Photo of Stephen McConnell

Last Saturday was World Mental Health Day. We hope you celebrated by getting outdoors in the very pleasant weather typical of early October throughout this beautiful country. We hope you also spent a few moments taking stock of your own mental wellbeing. Lawyers do not conduct such a self-assessment nearly enough. We are focused on solving the problems of our clients, issue-spotting, and scenario-spooling. It can be an unhealthful immersion in negative thinking.

Third Circuit Judge Cheryl Krause and one of her former law clerks, Jane Chong, authored a law review article at least as worthy of our attention as the latest learning on preemption or personal jurisdiction: C. Krause & J. Chong, “Lawyer Wellbeing as a Crisis of the Profession,” 71 S. Carolina L. Rev. 203 (2019). The article begins with a grim pronouncement: “The legal profession is in the throes of a mental health crisis.” The high rates of lawyer depression, anxiety, substance abuse, and suicide are alarming in themselves. They also pose a threat to the quality of client representation. Model Rule 1.1 (competence) and 1.3 (diligence) are implicated. As Arthur Miller wrote in Death of a Salesman, attention must be paid.

The Krause/Chong article builds on the lessons of self-determination theory, looking at how maladies in our profession lead to debilitating self-doubt, decreased autonomy, and diminished connectedness to others. Hours are longer, opportunities for young lawyers are reduced, commercialization is pervasive, and civility is … erratic. The article offers proposals for cultivating competence, encouraging autonomy, and modeling civility. There are many concrete suggestions, and they are all animated by a sense of reviving the concept of the legal profession as a noble calling.

Lawyers are inherently skeptical. It is part of the job description. The word “noble” might prompt embarrassment. It shouldn’t. What we do is important and the way to do it well calls upon the highest human talents. Resolving disputes via persuasion rather than force represents one of the great achievements of our species. Moreover, lawyers are overwhelmingly an intelligent, interesting lot. Even our opponents, and even those who write critical comments to this blog, are largely constructive and insightful. Smart and funny go a long way.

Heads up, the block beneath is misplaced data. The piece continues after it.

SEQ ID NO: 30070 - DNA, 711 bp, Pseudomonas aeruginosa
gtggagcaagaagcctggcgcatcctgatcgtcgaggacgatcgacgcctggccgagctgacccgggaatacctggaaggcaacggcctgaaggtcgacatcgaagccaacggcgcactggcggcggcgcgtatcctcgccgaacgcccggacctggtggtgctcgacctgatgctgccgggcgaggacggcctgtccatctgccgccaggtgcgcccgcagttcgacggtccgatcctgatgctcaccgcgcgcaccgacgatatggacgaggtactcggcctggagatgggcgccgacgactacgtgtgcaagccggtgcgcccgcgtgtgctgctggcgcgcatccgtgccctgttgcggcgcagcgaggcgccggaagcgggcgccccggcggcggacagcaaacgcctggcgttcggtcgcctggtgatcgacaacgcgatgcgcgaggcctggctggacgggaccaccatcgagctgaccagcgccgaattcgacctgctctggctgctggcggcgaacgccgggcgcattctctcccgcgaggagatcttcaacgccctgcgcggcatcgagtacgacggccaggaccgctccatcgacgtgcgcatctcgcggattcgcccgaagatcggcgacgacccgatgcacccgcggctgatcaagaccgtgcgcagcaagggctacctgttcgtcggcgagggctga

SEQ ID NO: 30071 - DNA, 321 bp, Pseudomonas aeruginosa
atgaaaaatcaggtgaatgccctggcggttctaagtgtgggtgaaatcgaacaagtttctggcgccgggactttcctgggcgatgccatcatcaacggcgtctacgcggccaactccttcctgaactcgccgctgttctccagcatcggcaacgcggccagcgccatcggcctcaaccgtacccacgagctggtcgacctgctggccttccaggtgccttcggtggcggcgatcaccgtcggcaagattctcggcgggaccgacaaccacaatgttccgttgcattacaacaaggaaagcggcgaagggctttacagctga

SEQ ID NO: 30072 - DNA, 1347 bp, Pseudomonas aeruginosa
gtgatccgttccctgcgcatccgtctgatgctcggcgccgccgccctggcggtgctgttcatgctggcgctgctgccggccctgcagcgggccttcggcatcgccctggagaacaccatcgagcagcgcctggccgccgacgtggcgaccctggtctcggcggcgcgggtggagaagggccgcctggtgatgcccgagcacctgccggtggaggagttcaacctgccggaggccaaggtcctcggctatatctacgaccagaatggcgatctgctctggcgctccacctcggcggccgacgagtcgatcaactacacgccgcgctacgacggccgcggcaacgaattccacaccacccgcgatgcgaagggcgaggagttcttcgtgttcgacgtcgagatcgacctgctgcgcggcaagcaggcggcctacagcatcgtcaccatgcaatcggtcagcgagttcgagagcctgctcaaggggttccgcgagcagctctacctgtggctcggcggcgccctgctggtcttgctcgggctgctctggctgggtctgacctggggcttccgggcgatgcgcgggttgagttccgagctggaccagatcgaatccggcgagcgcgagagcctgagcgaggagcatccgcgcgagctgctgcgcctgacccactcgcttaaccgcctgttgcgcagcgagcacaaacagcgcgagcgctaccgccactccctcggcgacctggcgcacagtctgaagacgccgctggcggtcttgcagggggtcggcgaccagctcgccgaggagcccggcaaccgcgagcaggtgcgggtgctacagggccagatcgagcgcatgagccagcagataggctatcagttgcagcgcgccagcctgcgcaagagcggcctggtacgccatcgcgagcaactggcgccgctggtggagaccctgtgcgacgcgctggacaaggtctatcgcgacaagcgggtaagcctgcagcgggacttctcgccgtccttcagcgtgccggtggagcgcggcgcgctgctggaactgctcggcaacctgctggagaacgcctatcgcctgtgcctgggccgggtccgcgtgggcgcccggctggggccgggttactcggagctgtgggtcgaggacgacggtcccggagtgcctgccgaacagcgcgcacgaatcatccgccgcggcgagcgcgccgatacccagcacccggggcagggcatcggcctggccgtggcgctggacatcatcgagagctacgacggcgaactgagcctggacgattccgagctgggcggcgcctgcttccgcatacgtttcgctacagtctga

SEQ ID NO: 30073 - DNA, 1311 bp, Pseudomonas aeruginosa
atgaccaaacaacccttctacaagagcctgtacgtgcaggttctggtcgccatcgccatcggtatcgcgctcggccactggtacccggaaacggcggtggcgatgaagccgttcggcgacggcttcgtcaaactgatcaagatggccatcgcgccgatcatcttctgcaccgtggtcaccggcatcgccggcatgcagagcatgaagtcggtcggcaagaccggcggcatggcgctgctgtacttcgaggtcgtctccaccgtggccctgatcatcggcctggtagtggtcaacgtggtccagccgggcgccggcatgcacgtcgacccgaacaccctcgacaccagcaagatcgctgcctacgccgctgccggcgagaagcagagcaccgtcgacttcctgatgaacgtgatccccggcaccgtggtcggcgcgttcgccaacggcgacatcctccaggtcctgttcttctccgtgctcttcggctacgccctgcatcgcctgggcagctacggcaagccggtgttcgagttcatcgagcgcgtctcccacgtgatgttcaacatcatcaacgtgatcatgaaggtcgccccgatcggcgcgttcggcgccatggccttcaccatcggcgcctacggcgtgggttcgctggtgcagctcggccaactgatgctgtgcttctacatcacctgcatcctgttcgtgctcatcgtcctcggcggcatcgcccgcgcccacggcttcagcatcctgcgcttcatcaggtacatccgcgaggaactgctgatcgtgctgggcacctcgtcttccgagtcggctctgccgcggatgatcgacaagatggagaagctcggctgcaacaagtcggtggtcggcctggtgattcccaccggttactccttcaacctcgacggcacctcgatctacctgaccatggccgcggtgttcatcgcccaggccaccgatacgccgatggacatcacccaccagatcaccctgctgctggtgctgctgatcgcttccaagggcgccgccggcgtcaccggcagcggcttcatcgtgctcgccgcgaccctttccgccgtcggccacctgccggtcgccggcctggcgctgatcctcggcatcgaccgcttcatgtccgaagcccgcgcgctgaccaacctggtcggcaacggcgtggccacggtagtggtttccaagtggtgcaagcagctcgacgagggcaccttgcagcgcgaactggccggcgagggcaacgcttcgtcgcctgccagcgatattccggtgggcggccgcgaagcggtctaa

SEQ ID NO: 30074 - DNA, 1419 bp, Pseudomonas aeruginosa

There is plenty of stress, to be sure. But stress represents caring for something that matters, and we’ll take that over indifference anytime. Reframe those stressors as challenges permitting you to show your stuff in a discipline that you have chosen. Put aside relentless perfectionism. If you talk to your colleagues long enough and candidly enough, you’ll realize you are not a mere imposter and are, in fact, pretty good at what you do.

Politics right now is making most of us miserable. We have friends and relatives who seem to be speaking a different language when it comes to the election. The less we say about that, the better. This too, will pass. We have much more, and much more of real significance, in common than whatever drives our quibbles. We’ll keep hitting the like button for pictures of kids and vacations, and otherwise steer clear of social media.

The pandemic is undoubtedly contributing to stress, but many of us have, mirabile dictu, overcome aversion to technology and discovered that remote meetings, depositions, and court hearings work quite well. We have learned things that we will not unlearn once we overcome Covid-19. Meanwhile, eat well, get enough sleep, and exercise. (We can introduce you to a terrific Zoom Pilates instructor.)

Finally, if you feel you need help, get it. It is out there. For example, take a look at the ABA’s directory of lawyer assistance programs.

Good luck. Stay safe. Stay well. Stay in touch.